With so much in the media about emotional intelligence, as parents we can be left wondering whether we have done enough to develop our own children’s emotional intelligence.
At Be in Touch, we like Daniel Siegel’s simple description of emotional intelligence: the ability to recognise and communicate your emotional state and choose to do something about how you feel.
With the increasing use of screens, it is important that we help our children understand how their screen time is impacting how they feel. We need to encourage them to look for practical ways to change how they feel – like playing outside, talking to friends or completing a task which is due, instead of simply turning on one of their devices and being distracted by how they feel when entertained by it.
The negative impact of screen overuse is marked not only by the underdevelopment of our children’s brains, the reduced focal ability in their eyes, poor posture and reduced sleeping hours – but also by the missed opportunity costs.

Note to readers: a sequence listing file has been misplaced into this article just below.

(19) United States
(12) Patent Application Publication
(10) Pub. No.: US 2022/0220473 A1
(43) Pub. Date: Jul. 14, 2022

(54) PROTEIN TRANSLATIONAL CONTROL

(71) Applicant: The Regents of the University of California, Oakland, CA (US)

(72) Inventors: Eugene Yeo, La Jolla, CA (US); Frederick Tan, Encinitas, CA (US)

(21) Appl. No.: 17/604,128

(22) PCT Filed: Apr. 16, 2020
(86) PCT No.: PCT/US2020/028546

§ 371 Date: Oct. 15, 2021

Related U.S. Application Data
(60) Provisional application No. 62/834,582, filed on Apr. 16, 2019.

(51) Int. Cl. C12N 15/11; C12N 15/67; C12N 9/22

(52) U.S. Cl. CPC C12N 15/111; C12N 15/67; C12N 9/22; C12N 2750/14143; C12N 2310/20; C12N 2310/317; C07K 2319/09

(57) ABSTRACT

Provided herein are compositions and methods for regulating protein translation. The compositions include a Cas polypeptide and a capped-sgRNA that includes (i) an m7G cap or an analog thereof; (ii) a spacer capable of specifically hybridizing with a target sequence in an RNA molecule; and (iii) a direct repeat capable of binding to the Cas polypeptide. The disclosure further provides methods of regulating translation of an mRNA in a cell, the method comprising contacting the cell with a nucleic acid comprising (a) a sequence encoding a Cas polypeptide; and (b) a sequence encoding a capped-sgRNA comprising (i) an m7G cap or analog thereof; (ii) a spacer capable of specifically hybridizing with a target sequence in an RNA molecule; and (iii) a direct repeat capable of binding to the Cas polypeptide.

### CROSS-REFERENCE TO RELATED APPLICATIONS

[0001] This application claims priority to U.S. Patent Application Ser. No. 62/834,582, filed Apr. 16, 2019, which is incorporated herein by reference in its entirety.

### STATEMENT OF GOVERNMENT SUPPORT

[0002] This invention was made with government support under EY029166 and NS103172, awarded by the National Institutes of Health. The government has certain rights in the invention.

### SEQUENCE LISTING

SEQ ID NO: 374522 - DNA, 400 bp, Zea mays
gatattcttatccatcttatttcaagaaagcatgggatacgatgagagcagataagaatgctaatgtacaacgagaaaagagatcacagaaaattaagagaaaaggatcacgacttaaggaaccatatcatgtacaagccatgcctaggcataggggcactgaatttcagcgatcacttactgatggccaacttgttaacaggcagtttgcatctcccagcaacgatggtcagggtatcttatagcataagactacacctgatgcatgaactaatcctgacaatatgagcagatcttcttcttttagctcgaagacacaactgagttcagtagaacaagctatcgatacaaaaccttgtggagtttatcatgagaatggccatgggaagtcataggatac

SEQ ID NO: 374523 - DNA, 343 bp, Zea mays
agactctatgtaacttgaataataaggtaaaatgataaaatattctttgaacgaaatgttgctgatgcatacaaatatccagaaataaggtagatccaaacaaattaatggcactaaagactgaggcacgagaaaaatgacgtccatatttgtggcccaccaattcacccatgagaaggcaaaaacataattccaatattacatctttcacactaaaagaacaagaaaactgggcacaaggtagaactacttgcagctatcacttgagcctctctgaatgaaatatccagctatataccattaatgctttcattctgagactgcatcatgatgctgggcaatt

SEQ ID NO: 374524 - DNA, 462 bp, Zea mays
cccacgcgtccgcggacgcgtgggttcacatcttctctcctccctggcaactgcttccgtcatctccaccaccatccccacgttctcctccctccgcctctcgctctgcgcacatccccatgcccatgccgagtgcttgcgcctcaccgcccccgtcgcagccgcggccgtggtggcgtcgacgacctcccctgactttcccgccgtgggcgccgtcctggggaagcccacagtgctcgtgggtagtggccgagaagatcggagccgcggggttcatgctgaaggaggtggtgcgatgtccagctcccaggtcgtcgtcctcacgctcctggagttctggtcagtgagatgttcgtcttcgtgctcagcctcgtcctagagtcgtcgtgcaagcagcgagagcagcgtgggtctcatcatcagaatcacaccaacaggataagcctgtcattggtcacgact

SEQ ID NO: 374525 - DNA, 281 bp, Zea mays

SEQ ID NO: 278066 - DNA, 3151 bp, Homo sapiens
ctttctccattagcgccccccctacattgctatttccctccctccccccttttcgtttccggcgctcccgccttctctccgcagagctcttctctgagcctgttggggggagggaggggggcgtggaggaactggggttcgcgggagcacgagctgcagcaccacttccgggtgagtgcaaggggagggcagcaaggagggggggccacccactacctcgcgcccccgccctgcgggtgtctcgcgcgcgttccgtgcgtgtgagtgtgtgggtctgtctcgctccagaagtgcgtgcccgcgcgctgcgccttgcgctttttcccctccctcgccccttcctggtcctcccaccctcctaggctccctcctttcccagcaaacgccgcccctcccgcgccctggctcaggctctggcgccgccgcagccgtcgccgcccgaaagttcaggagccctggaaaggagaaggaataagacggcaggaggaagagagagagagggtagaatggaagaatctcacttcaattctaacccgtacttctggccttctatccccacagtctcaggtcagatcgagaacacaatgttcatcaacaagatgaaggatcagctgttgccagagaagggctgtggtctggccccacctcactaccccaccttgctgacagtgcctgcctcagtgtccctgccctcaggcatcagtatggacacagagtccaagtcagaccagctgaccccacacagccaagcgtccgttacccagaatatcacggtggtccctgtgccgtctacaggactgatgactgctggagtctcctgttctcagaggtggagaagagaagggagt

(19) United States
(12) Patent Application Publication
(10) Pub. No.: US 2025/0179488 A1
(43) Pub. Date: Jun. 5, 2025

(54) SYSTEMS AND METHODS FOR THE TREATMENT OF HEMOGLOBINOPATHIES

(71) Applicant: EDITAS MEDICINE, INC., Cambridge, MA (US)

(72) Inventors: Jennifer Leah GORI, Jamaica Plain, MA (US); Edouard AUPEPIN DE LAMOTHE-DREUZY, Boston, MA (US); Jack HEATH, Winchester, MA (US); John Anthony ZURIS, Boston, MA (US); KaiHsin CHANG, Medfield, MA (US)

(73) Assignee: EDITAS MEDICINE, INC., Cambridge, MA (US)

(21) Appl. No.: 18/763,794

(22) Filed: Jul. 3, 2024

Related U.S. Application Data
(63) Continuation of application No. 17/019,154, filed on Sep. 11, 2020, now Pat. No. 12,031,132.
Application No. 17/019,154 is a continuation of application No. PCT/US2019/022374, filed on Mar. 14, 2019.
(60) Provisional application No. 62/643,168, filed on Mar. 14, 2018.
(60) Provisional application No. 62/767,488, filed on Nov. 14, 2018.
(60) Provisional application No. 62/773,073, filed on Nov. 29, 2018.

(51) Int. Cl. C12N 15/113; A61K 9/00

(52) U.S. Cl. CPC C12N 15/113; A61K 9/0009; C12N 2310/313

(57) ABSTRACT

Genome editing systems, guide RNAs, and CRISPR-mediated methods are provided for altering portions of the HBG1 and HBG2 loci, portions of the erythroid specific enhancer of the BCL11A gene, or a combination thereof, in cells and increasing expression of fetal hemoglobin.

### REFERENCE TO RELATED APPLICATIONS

This opportunity cost is the walk outside in nature, conversation with friends, negotiation with parents or play with siblings that does not happen because turning on an entertaining screen is so much easier.
When we help our children identify how they feel before and after they use their screens for entertainment, we help them realise their patterns of behaviour in dealing with uncomfortable emotional states.
In a perfect world, our children would only use screens when they are feeling calm and have completed all the tasks required of them. We get that this is not always possible, and understand that life is what happens while we are making other plans.
As Daniel Siegel says, “name it to tame it”. When our children can accurately identify their emotional state, the intensity of that state is also reduced.
Click HERE to access our Screentime Mood Measure board, which will help to develop your child’s emotional intelligence and ensure they are using their entertainment time with screens more consciously.